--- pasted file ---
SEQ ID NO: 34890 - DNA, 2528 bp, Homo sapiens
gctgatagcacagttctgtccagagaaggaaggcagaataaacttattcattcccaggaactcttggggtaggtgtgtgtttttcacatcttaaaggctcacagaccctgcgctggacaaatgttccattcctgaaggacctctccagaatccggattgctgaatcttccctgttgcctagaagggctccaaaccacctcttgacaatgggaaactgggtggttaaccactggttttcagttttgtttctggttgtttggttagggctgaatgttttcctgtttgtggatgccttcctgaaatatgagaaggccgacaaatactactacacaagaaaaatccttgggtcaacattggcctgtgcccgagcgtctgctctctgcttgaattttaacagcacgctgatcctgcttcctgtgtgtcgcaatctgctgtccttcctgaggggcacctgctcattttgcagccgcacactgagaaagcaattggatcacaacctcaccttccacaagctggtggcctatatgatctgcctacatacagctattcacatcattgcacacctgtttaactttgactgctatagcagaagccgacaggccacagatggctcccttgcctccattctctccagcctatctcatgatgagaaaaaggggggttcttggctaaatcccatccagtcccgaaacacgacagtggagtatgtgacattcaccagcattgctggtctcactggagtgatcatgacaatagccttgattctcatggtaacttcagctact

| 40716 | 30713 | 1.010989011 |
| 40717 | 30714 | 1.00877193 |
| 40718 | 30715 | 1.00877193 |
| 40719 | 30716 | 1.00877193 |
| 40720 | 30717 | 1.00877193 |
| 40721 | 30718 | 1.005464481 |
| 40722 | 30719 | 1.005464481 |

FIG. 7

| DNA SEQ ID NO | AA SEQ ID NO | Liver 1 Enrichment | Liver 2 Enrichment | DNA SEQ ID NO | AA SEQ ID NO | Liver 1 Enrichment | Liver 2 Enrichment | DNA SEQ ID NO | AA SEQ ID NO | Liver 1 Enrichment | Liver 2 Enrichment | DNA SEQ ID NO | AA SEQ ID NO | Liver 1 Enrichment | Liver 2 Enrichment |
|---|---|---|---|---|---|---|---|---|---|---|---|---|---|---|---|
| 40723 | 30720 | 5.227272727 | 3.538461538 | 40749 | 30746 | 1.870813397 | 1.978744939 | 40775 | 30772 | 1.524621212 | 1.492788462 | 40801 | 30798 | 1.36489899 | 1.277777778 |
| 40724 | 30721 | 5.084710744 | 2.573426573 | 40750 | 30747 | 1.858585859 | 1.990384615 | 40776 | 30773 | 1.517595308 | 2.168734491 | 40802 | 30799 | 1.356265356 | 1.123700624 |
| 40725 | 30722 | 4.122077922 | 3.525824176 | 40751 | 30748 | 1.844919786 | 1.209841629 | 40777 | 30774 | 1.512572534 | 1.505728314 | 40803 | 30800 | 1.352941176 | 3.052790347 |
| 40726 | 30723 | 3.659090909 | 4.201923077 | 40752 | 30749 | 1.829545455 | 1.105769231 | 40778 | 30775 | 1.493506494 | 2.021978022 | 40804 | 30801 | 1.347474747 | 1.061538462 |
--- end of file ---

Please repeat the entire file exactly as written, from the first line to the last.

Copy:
SEQ ID NO: 34890 - DNA, 2528 bp, Homo sapiens
gctgatagcacagttctgtccagagaaggaaggcagaataaacttattcattcccaggaactcttggggtaggtgtgtgtttttcacatcttaaaggctcacagaccctgcgctggacaaatgttccattcctgaaggacctctccagaatccggattgctgaatcttccctgttgcctagaagggctccaaaccacctcttgacaatgggaaactgggtggttaaccactggttttcagttttgtttctggttgtttggttagggctgaatgttttcctgtttgtggatgccttcctgaaatatgagaaggccgacaaatactactacacaagaaaaatccttgggtcaacattggcctgtgcccgagcgtctgctctctgcttgaattttaacagcacgctgatcctgcttcctgtgtgtcgcaatctgctgtccttcctgaggggcacctgctcattttgcagccgcacactgagaaagcaattggatcacaacctcaccttccacaagctggtggcctatatgatctgcctacatacagctattcacatcattgcacacctgtttaactttgactgctatagcagaagccgacaggccacagatggctcccttgcctccattctctccagcctatctcatgatgagaaaaaggggggttcttggctaaatcccatccagtcccgaaacacgacagtggagtatgtgacattcaccagcattgctggtctcactggagtgatcatgacaatagccttgattctcatggtaacttcagctact

| 40716 | 30713 | 1.010989011 |
| 40717 | 30714 | 1.00877193 |
| 40718 | 30715 | 1.00877193 |
| 40719 | 30716 | 1.00877193 |
| 40720 | 30717 | 1.00877193 |
| 40721 | 30718 | 1.005464481 |
| 40722 | 30719 | 1.005464481 |

FIG. 7

| DNA SEQ ID NO | AA SEQ ID NO | Liver 1 Enrichment | Liver 2 Enrichment | DNA SEQ ID NO | AA SEQ ID NO | Liver 1 Enrichment | Liver 2 Enrichment | DNA SEQ ID NO | AA SEQ ID NO | Liver 1 Enrichment | Liver 2 Enrichment | DNA SEQ ID NO | AA SEQ ID NO | Liver 1 Enrichment | Liver 2 Enrichment |
|---|---|---|---|---|---|---|---|---|---|---|---|---|---|---|---|
| 40723 | 30720 | 5.227272727 | 3.538461538 | 40749 | 30746 | 1.870813397 | 1.978744939 | 40775 | 30772 | 1.524621212 | 1.492788462 | 40801 | 30798 | 1.36489899 | 1.277777778 |
| 40724 | 30721 | 5.084710744 | 2.573426573 | 40750 | 30747 | 1.858585859 | 1.990384615 | 40776 | 30773 | 1.517595308 | 2.168734491 | 40802 | 30799 | 1.356265356 | 1.123700624 |
| 40725 | 30722 | 4.122077922 | 3.525824176 | 40751 | 30748 | 1.844919786 | 1.209841629 | 40777 | 30774 | 1.512572534 | 1.505728314 | 40803 | 30800 | 1.352941176 | 3.052790347 |
| 40726 | 30723 | 3.659090909 | 4.201923077 | 40752 | 30749 | 1.829545455 | 1.105769231 | 40778 | 30775 | 1.493506494 | 2.021978022 | 40804 | 30801 | 1.347474747 | 1.061538462 |